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Q & A with Father Anthony



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I feel like a vocation is being shoved down my throat because people say we need priests.

Larry asks:

Dear Fr Anthony,

I've never really felt a calling to much of anything. But I've for a long time felt a strong desire to get married and have children. I've been blessed with many talents and also a profound interest in several fields of science. My dilemma comes in that many people at our church feel that I should be a priest, I think this may have something to do with our lack of priests in our diocese and also because I'm one of few youth that frequently helps out and attends events. Not that I'm completely closed to the idea, but I feel like it's being shoved down my throat, any suggestions as how to deal with this?

Dear Larry,

When something committing is mentioned to us with some expectation as regards our answer, it is almost automatic to feel it is being forced on us, especially if we didn’t think of it first. I think you have to go beyond that reaction.

Look at yourself: you are one of the few youth that frequently helps out and attends events. As if that weren't enough, now people seem to think you might be called to be a priest. It almost makes you wish you were just like everyone else and never showed up in the first place, doesn't it? To crown your confusion and bad luck, you are not closed to the idea, and so think there might be some truth to it, while at the same time you have abilities and are attracted to other ways of life and interests.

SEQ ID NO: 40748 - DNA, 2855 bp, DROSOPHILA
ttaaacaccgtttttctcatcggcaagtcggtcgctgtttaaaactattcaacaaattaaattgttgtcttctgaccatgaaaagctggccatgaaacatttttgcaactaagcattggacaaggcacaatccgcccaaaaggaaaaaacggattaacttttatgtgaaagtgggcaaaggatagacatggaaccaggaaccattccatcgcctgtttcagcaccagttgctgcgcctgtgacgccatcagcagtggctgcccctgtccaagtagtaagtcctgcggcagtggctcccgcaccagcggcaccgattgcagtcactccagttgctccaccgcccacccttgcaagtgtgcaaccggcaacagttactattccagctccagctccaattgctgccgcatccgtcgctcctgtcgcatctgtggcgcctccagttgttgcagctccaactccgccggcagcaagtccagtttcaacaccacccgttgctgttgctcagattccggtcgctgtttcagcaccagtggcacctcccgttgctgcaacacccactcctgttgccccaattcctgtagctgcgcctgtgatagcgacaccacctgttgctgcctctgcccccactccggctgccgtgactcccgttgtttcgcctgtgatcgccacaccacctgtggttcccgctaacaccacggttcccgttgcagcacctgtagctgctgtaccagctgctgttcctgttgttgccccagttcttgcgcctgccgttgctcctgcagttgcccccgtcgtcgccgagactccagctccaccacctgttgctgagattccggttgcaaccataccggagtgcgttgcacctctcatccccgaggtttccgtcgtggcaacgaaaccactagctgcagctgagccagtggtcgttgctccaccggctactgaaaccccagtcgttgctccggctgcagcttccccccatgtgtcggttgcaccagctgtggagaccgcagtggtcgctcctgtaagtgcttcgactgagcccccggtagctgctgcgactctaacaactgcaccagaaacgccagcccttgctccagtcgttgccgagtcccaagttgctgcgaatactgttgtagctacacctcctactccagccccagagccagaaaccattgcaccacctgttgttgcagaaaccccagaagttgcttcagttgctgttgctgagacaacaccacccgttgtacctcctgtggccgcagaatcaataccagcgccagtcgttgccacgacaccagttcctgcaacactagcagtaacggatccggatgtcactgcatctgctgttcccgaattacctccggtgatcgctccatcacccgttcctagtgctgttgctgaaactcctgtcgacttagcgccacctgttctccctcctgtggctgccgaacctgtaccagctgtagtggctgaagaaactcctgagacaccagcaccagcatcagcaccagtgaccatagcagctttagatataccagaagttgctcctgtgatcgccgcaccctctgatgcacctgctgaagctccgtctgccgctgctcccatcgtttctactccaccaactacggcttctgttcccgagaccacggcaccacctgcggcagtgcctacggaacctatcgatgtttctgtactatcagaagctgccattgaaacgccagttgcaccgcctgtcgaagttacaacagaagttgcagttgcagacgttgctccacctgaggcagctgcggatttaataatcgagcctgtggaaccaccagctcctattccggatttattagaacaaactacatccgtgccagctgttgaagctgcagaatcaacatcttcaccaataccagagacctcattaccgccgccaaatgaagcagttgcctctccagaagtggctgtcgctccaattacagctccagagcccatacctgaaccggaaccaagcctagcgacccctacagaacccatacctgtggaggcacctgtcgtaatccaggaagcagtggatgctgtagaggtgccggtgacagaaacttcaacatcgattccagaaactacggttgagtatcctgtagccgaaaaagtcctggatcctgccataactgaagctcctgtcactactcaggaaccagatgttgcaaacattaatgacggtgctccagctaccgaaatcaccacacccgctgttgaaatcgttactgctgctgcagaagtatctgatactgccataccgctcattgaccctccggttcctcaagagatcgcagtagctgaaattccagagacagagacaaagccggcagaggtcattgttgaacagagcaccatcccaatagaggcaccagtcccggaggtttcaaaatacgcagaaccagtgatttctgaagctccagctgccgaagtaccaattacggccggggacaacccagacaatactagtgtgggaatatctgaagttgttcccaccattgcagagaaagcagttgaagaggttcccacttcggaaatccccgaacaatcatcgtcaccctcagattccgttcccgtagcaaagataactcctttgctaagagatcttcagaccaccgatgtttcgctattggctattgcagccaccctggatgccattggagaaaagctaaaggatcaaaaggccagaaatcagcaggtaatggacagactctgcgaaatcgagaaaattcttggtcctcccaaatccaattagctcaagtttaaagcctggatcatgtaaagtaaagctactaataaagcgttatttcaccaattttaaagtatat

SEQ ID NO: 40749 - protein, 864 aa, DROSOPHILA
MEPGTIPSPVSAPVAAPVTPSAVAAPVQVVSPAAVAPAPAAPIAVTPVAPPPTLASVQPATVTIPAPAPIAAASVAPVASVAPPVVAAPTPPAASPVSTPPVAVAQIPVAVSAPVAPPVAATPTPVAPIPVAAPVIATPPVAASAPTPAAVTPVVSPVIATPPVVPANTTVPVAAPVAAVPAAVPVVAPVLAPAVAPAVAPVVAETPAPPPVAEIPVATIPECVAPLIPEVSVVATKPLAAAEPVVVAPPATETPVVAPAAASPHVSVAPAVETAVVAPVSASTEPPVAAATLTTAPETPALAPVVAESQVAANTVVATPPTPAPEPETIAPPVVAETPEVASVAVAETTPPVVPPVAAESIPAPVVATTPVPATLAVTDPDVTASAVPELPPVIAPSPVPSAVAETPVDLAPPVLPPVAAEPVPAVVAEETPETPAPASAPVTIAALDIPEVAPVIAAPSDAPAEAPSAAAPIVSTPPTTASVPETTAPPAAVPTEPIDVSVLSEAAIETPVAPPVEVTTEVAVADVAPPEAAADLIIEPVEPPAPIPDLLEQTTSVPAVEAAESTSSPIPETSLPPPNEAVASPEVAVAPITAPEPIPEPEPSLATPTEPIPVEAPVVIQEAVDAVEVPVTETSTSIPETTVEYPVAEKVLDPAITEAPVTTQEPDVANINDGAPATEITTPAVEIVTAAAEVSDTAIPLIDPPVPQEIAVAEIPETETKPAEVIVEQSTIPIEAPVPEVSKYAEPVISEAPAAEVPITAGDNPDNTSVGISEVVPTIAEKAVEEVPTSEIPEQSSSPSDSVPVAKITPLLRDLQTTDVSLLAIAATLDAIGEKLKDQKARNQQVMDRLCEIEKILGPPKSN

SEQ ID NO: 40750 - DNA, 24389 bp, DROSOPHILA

One good thing at least is surfacing: you can think, and you tend towards honesty. Maybe that's two.

To shed some light on the matter, let's get back to what a vocation is. A vocation is a call, from God. People don't give you a vocation, and you can't give yourself one - only God can. Even when a spiritual director knows you and encourages you to follow a vocation, all he really is doing is saying that he sees all the signs that God may be calling you. But, only God can call you. And now for the other part: only you can answer him. Only you can live your vocation; nobody else can do it for you. Nobody else can give the fruit God is expecting from you.

The question you need to take to God in prayer (your thanksgiving after Communion is a great time for this, or a visit to our Lord in the Eucharist) is this: "You have taken care of me, you gave me a different way of reacting than my friends, you have drawn me to you by helping out and attending events. You have also placed normal desires for marriage and family in my heart. You have made me aware of the needs of those around me, so I am not closed to the priesthood. Do you want to use me as your priest? Is that where you are leading me? Is it you speaking through those people who mention it to me?"

Spend some time considering two more realities: what Christ has done for you and the needs people around you have. Then I think you need to offer yourself to God, and tell him you are willing to do anything for him.

If, as well as the above, you seek out a spiritual director for yourself you will surely get the right answer to your question.

God bless,

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